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Letters: Readers comment on Medical Economics stories


Be your own boss.

Be your own boss

Congratulations to Kevin Deighton, MD, and his colleagues for proving once again that physicians, armed with some basic business and management skills, often do a better job managing practices than hospital executives do ["Practicing Excellence: Infinity & beyond," June 19, 2009].

I have also learned that lesson-twice! In 1996, I sold my successful practice to a university system. It took only four years for them to destroy it and throw me under the bus. Then I went to business school and rose through the ranks of physician executives to become CEO of a large hospital, only to be thrown under the bus a second time. Now I own and run my own enterprise that includes a near "utopian" practice as described by Jason Kessler, MD, elsewhere in the same issue ["Coming of the utopian practice"].

To be successful today, one must have a firm grounding in business and practice management, and be fully committed to a digital future. How many times have we seen formerly employed physicians regain control of their practices and within a few months earn more than they did as employees? We may soon see a wave of "re-privatization" as more physicians realize that working for hospitals can be a huge mistake.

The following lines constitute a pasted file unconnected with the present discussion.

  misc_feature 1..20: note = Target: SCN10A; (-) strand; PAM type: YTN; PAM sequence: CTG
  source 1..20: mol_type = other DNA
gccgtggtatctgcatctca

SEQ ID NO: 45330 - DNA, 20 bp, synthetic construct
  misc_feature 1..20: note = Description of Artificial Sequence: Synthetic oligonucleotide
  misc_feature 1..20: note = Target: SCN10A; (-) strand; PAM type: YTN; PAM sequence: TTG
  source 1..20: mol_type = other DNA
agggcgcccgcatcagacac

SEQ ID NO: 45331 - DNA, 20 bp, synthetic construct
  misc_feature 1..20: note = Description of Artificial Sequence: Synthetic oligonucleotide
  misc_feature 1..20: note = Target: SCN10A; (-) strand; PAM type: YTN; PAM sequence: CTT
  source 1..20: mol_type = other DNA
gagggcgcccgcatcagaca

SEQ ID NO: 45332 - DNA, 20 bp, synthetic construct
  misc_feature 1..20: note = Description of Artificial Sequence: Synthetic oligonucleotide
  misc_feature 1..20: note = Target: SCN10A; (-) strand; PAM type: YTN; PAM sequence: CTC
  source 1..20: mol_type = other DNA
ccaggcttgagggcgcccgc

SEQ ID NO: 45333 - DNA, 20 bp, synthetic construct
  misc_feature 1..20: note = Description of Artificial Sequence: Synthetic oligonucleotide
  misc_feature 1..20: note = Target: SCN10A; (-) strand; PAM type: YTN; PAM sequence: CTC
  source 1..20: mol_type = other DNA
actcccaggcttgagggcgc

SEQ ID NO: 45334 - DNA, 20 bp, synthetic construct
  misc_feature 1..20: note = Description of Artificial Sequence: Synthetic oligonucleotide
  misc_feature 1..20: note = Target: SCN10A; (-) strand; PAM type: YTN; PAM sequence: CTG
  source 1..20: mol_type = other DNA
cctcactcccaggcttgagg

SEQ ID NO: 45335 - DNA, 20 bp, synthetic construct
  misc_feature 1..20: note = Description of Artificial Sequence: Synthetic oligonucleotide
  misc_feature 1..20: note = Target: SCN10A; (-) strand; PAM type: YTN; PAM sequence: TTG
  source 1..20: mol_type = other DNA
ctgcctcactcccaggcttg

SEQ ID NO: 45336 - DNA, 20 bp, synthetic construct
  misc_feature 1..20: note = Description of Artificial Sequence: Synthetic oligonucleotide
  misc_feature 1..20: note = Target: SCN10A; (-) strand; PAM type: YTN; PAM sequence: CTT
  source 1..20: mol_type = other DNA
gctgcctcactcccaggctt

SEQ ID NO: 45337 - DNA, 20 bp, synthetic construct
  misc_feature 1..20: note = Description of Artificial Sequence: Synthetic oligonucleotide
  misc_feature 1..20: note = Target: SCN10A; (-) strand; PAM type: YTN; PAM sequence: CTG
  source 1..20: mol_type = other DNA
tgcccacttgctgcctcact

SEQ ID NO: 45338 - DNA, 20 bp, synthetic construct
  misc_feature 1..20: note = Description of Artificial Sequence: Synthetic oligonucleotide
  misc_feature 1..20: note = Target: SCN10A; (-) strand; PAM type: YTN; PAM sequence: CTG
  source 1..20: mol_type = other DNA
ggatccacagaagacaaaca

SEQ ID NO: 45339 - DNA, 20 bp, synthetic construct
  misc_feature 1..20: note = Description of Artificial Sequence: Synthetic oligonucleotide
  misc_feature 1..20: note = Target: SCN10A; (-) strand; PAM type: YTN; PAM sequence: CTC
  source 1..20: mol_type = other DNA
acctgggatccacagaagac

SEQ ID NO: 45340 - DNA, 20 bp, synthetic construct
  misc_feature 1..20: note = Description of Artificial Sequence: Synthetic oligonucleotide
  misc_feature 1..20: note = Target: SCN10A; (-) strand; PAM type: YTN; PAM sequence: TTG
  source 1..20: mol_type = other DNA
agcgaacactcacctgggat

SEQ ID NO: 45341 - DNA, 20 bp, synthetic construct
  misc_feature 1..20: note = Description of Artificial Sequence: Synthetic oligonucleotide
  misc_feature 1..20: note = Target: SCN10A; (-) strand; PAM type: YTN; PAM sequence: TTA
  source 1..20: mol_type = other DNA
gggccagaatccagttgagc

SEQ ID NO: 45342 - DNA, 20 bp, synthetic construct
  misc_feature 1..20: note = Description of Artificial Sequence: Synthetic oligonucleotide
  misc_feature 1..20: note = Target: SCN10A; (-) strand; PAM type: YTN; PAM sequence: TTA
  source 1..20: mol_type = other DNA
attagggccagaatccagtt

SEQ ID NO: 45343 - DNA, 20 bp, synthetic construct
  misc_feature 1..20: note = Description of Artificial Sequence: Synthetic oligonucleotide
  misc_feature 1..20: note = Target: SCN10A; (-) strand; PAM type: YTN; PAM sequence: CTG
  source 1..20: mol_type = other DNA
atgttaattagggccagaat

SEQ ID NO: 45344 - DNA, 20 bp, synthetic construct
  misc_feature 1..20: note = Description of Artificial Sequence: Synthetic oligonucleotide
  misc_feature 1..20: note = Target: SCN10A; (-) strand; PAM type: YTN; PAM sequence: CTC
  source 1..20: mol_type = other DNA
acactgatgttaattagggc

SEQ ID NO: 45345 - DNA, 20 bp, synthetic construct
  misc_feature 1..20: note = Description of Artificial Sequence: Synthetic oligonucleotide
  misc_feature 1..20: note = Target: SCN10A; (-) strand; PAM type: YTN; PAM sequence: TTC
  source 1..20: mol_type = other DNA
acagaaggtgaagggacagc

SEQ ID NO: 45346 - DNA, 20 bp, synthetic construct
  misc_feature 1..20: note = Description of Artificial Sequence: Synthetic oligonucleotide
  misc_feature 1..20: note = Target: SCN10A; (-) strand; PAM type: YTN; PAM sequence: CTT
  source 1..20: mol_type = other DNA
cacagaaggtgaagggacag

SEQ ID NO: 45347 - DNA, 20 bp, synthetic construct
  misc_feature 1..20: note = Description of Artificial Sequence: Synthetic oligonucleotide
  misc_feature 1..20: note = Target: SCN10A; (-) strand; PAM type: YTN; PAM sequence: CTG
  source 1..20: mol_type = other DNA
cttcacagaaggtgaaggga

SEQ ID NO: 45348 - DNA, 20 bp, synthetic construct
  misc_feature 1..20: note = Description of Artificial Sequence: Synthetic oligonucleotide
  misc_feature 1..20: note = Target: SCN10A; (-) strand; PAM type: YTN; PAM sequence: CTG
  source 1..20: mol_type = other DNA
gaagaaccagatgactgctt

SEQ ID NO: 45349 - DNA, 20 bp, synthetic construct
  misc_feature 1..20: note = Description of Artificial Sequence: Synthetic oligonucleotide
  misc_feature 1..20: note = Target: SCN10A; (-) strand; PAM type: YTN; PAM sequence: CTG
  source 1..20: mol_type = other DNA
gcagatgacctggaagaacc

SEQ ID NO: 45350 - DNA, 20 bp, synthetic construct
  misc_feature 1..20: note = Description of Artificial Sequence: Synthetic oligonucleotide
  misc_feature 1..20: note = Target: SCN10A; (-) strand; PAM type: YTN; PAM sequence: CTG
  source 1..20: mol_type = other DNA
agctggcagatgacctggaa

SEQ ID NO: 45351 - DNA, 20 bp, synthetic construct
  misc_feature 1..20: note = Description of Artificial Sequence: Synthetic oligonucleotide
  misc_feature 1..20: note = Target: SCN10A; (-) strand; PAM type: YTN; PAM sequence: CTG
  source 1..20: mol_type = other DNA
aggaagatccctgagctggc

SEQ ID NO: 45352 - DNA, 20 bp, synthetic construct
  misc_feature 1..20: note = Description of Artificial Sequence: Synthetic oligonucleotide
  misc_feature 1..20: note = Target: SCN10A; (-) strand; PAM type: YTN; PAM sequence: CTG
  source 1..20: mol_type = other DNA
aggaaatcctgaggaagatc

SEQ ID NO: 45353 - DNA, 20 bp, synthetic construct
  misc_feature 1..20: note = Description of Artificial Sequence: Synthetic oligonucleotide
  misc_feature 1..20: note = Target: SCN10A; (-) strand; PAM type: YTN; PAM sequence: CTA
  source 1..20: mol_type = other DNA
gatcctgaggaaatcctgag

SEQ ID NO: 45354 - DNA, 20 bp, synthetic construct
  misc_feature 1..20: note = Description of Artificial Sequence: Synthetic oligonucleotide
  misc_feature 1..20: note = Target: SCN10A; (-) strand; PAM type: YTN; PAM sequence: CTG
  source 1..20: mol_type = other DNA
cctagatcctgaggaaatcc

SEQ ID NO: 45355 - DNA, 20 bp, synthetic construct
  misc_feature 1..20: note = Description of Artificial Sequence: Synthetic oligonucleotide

Eagle, Idaho

Encouraging signs

I enjoyed your "Infinity & beyond" article in the June 19 issue. I have been made aware of physician clients being approached by a local hospital that's looking to acquire physician groups-a business model that is rearing its head once again, according to many consultants I've talked with recently.

Your article and the physicians at Infinity Primary Care offer encouragement to those who question whether it is possible for physicians to maintain an independent, physician-run practice in the future. Looks like it is very possible! Thanks for the perspective.

Grandville, Michigan

Sick or not sick?

"Dodging danger" by Lee J. Johnson, JD, is true throughout, and I live by her dictum that "five minutes documented now beats five hours in a courtroom defending a possible lawsuit" [CME, June 19, 2009].

However, the axiom "If it wasn't documented, it didn't happen" is prima facie false and is one of the major sources of stress for practicing physicians. The reason that this dictum is false is that there are so many subliminal exchanges that take place during a patient-physician visit that it is impossible to record them all, as many of them never reach the level of consciousness.

As a primary care physician, my first diagnosis is "sick or not sick," and very often the clue to that is a subtle tone of voice or change in body language. If I were to record all of that, I could see one patient a day!

Siler City, North Carolina

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